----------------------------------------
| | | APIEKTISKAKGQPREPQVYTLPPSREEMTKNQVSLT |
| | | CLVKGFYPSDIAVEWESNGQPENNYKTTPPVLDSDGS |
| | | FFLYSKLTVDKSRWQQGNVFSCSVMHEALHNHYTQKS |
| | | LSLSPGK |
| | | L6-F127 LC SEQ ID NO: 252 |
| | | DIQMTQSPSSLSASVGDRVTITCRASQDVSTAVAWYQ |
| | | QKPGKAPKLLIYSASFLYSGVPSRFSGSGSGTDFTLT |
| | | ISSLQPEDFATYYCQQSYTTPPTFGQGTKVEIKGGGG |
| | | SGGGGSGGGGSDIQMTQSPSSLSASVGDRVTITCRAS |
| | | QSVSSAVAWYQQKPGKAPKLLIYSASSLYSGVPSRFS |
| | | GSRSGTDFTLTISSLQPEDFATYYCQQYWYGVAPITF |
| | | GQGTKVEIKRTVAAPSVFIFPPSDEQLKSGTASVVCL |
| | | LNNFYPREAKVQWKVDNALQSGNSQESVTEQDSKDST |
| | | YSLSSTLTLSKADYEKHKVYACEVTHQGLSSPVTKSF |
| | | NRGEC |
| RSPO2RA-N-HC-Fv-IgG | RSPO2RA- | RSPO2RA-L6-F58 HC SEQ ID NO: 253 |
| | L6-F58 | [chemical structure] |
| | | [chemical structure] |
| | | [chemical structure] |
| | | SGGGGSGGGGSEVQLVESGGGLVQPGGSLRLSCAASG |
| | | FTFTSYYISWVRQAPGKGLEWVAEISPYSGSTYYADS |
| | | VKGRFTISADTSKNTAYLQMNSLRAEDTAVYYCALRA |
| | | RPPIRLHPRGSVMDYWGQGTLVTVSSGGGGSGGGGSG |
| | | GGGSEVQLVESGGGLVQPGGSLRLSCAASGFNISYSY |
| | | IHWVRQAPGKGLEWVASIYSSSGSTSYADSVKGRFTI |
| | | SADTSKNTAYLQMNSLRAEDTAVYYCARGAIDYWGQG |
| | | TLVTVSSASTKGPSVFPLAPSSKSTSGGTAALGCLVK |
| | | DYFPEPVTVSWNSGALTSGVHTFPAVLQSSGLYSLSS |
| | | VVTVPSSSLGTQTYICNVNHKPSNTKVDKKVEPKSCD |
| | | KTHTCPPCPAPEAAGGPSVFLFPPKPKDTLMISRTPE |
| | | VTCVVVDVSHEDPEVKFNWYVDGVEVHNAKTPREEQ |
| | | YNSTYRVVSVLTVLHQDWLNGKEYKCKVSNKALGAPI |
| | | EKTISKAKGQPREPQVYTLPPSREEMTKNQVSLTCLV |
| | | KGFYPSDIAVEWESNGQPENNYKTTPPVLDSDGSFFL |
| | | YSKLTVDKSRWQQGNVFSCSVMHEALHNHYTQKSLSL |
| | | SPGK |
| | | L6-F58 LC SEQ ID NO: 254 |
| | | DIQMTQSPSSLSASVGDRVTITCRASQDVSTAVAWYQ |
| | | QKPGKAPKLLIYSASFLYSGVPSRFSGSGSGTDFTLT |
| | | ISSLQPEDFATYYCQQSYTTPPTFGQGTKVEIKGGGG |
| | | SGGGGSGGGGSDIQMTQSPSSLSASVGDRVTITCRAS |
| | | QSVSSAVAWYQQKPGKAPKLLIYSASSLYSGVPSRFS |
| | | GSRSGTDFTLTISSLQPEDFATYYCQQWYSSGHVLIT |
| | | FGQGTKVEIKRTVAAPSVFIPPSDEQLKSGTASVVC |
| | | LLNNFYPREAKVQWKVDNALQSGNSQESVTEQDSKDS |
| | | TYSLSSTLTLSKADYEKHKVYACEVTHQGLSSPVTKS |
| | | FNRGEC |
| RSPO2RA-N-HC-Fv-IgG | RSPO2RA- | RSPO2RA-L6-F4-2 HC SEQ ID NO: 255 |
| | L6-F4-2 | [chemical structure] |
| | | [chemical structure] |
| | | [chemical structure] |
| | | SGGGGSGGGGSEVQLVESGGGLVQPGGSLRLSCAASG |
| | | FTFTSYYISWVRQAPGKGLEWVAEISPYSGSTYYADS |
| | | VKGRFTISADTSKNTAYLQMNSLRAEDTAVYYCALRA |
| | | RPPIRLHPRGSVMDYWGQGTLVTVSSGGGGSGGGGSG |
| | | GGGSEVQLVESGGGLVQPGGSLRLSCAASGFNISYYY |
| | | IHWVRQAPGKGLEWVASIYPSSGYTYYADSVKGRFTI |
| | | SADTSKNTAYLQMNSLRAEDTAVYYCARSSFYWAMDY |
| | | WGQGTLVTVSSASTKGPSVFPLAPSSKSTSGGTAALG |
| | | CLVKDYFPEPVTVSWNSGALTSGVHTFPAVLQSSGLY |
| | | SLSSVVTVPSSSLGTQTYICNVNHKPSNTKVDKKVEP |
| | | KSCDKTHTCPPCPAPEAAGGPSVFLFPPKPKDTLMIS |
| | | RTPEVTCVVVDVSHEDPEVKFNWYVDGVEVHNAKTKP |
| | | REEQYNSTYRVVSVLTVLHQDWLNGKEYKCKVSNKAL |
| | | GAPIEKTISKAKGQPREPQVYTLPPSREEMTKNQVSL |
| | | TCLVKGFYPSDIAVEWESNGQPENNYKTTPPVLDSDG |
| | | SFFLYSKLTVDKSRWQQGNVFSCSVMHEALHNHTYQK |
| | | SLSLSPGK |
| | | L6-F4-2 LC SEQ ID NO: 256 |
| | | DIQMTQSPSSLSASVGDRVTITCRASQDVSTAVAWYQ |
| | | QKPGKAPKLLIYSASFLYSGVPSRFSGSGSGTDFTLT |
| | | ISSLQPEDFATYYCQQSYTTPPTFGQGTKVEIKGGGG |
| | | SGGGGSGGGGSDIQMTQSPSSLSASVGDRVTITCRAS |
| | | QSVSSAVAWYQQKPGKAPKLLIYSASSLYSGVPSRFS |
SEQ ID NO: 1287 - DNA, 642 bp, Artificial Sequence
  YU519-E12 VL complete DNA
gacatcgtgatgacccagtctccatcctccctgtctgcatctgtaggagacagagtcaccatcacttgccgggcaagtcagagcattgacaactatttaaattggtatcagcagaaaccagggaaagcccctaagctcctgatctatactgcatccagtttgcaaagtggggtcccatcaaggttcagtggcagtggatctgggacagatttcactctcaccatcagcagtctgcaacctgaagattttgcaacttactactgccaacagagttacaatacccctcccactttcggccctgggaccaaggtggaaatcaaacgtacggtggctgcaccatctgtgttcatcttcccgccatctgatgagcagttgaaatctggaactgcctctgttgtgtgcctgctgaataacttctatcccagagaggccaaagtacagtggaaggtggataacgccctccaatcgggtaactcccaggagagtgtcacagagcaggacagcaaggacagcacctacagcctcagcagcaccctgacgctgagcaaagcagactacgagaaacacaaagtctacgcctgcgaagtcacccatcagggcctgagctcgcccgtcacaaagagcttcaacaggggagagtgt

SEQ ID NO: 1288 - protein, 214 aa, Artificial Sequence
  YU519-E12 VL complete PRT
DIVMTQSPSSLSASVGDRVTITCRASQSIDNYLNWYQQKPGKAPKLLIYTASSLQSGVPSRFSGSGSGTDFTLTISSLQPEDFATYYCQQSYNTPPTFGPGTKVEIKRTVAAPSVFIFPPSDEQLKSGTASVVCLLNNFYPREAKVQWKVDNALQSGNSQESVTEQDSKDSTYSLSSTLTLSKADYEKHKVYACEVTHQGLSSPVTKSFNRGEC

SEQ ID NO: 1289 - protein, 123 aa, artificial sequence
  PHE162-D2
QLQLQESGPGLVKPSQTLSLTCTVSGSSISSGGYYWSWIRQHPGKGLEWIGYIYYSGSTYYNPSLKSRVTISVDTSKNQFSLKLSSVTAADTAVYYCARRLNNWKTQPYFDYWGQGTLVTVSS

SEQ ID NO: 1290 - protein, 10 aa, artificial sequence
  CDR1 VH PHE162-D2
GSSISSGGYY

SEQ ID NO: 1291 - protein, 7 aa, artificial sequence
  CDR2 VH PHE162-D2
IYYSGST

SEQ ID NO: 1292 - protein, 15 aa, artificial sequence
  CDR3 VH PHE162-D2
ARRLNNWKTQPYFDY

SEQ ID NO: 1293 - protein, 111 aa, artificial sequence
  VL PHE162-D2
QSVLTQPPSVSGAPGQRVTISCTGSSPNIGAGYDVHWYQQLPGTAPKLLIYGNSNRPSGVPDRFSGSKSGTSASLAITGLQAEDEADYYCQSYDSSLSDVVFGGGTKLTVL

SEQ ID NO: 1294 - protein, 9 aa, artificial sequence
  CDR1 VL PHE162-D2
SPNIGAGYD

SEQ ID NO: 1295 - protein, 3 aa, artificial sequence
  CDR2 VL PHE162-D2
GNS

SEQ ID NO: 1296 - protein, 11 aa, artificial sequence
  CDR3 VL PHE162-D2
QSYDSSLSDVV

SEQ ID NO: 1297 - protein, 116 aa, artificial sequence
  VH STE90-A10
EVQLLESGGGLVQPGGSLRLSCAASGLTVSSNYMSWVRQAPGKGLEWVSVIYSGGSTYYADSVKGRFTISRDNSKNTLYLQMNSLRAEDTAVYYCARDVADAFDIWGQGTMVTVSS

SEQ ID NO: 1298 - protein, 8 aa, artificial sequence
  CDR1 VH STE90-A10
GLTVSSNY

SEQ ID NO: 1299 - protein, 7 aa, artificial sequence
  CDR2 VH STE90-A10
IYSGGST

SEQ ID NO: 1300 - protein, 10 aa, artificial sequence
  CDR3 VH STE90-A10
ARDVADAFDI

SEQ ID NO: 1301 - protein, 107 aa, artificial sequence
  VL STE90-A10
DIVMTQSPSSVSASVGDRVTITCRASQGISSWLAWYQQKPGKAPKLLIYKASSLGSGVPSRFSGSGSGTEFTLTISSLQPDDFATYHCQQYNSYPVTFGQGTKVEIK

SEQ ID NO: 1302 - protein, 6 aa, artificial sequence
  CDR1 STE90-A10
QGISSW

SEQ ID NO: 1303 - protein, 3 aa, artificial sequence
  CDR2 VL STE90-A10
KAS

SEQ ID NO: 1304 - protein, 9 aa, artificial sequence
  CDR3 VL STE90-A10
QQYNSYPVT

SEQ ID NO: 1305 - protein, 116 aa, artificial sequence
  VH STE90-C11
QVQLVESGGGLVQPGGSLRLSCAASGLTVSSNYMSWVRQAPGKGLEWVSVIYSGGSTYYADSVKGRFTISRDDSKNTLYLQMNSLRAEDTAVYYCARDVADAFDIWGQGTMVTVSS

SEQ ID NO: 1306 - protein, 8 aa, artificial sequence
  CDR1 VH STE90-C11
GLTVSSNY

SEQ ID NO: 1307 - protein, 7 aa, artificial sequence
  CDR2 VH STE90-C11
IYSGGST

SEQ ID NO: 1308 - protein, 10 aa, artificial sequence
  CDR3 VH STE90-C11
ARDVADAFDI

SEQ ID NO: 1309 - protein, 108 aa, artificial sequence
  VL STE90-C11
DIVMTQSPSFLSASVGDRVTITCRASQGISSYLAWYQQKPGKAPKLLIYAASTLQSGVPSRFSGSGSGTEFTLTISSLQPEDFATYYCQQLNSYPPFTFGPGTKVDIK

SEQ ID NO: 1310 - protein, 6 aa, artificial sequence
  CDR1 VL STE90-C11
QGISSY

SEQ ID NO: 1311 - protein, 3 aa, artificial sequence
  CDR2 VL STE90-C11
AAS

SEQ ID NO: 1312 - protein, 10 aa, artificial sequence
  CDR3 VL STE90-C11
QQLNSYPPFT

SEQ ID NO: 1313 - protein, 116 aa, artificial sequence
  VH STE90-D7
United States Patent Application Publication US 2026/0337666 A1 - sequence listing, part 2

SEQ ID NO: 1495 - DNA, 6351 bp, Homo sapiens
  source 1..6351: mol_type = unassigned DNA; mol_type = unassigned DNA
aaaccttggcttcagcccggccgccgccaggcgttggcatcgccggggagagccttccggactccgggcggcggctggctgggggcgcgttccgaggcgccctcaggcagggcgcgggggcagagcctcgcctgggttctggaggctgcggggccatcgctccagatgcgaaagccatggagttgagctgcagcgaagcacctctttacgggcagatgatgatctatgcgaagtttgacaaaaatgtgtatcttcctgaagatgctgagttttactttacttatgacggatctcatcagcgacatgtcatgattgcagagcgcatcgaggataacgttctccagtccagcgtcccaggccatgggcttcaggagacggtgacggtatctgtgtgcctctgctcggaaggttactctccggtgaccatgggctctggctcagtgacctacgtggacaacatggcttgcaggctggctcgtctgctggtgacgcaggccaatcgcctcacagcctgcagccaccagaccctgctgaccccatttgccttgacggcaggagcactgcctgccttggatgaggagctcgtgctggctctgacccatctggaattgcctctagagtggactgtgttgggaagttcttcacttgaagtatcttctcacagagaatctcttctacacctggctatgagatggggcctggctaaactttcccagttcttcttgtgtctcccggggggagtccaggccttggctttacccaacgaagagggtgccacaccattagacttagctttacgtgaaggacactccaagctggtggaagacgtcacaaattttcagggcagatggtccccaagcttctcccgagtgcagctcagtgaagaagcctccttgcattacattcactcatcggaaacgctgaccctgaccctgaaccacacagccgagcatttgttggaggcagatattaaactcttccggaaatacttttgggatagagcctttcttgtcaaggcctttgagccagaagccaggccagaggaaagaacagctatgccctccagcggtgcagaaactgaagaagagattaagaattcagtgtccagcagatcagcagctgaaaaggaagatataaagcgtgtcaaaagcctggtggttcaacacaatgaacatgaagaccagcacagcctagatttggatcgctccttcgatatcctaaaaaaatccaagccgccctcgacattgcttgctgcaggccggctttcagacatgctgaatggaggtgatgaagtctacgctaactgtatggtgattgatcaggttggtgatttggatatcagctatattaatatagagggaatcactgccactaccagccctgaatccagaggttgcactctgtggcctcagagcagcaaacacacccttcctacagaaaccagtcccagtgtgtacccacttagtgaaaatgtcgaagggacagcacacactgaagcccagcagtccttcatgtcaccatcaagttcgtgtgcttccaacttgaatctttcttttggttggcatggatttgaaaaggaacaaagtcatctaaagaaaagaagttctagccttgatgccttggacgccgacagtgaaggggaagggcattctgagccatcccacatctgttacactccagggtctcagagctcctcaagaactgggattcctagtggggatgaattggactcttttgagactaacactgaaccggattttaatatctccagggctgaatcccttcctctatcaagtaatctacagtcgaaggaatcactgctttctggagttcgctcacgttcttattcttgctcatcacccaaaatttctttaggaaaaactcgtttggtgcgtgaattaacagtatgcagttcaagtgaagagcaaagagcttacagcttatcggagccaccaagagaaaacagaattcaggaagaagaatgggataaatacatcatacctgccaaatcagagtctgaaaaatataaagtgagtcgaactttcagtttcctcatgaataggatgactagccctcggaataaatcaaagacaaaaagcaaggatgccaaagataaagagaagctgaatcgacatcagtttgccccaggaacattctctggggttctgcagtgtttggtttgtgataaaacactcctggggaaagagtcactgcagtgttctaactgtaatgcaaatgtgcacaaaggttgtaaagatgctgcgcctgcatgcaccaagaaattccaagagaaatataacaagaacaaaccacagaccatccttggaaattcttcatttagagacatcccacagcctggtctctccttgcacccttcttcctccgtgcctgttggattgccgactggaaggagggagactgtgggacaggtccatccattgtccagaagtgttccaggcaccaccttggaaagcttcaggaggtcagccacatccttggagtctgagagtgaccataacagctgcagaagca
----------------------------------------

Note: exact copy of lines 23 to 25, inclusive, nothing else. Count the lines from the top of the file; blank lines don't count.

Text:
| | | RPPIRLHPRGSVMDYWGQGTLVTVSSGGGGSGGGGSG |
| | | GGGSEVQLVESGGGLVQPGGSLRLSCAASGFNISYSY |
| | | IHWVRQAPGKGLEWVASIYSSSGSTSYADSVKGRFTI |